Lake fire department seeks community’s help

Purchasing special hoods will help shield firefighters from cancer
Submitted by Richie Constantino 

Did you know cancer is the leading cause of firefighter deaths in the United States? Surpassing heart disease, firefighters are succumbing to cancer-related deaths at a 14 percent higher rate than the general public. 

A study conducted from 2002 through 2017 revealed 61 percent of all firefighter line of duty deaths were cancer-related. Furthermore, in 2016 alone that number rose to 70 percent. Why is that? Why has cancer been so prolific in firefighting over the past two decades? The answer is that firefighters are dealing with far more toxic soot and cancer-causing particulates than ever before. 

Since this alarming increase, and the recent deaths of several local firefighters from cancer-related illnesses, the Lake Monticello Volunteer Fire Department (LMVFD) has taken a progressive and assertive approach to combat these frightening occurrences.   

LMVFD has implemented procedures in an attempt to minimize our firefighters exposure to these toxic situations both at actual fires and on the training ground. As per department standard operating guidelines, when exiting contaminated atmospheres, all firefighters will immediately begin a decontamination process consisting of: 

  • Blowing away any smoke and cancer-causing substances from their turnout gear with ventilation fans. 
  • While still wearing their gear, the firefighters will be scrubbed from head to toe with soap and water and then rinsed clean. 
  • After firefighters remove their hood, they must wipe their hands, face, neck, ears and under their arms where cancer-causing substances enter the body.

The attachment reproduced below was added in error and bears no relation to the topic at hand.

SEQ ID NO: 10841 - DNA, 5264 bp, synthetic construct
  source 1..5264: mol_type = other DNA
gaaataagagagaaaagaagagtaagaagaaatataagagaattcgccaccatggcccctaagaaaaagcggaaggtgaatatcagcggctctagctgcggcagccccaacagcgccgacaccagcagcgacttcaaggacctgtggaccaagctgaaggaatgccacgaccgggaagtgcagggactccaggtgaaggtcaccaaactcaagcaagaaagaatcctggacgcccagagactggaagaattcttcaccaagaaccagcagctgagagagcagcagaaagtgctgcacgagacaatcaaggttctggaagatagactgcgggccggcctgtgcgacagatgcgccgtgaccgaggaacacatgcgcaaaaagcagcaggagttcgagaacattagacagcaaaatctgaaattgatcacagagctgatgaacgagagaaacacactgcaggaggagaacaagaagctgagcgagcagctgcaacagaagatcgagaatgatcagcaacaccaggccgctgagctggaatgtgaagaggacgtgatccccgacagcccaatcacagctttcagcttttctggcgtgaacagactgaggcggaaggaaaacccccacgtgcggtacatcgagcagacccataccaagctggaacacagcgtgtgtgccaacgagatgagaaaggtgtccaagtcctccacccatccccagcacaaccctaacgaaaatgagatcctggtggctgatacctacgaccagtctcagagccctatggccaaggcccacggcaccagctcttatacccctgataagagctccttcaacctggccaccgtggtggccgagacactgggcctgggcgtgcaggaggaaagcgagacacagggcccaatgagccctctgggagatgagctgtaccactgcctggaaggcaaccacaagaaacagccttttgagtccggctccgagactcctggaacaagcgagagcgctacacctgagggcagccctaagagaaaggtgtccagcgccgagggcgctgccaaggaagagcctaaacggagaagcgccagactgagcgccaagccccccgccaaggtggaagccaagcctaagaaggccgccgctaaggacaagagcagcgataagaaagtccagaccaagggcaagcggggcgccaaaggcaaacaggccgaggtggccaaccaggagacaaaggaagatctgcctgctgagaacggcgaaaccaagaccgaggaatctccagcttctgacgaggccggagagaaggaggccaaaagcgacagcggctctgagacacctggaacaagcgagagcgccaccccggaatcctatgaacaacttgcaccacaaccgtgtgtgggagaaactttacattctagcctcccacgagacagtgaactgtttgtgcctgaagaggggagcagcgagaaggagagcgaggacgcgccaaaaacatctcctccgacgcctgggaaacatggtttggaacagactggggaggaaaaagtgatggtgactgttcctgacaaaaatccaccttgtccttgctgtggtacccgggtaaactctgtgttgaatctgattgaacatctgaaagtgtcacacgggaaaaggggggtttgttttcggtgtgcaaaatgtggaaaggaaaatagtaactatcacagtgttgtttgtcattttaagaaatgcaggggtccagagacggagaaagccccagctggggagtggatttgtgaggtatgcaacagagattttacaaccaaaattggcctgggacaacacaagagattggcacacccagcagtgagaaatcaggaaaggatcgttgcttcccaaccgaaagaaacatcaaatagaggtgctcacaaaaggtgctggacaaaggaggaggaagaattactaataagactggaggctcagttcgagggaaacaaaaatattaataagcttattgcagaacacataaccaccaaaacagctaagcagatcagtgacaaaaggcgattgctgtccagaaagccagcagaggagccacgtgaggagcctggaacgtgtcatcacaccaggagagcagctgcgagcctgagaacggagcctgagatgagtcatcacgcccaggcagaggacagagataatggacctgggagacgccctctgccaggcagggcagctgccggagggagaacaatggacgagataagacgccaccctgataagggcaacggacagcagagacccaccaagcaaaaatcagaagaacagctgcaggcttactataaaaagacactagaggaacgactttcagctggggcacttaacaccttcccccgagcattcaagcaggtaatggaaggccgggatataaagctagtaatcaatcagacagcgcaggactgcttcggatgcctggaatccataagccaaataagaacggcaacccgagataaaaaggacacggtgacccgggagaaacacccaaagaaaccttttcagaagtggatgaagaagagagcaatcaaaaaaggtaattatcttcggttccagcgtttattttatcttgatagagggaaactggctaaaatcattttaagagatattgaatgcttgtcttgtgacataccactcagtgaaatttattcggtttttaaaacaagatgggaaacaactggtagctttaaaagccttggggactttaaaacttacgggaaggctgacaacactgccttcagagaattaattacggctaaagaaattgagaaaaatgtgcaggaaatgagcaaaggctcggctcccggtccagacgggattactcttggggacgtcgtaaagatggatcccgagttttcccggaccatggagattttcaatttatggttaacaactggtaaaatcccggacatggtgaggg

• Immediately upon their return to the firehouse, firefighters must place their gear into a special washing machine-extractor to completely remove the suspicious materials. 

Studies have shown the head and neck are the most susceptible areas where cancer-causing materials enter the body. The current hood worn by firefighters to protect these areas does very little to prevent the infiltration of these substances. To combat this alarming trend, a special particulate hood has been developed to block 99.9 percent of the potentially harmful particulates; however, the price per hood averages $110 as compared to $25 for the conventional hood. Our goal is to purchase these new state-of-the-art hoods for every member of LMVFD.  

Budgets being as they are, LMVFD cannot afford to replace all current in-service hoods with new particulate hoods which provide your volunteer firefighters the best protection available. Understanding the immediate need for these hoods, our local State Farm Insurance agent Gary Albert has partnered with LMVFD to help raise money to purchase these particulate hoods. “The volunteers at LMVFD put the community first,” Albert said. They give their time selflessly to help others. I want to raise money so the volunteers have upgraded hoods to protect their health while protecting our community.” 

You can assist us in reaching our goal of making your volunteer firefighters as safe as possible. All you have to do is visit Albert’s office at 202 Turkeysag Trail, or call 434-589-0844, mention LMVFD and request a free quote. Each LMVFD quote for May and June will result in a $10 donation from Gary Albert State Farm and State Farm’s Neighborhood of Good.   

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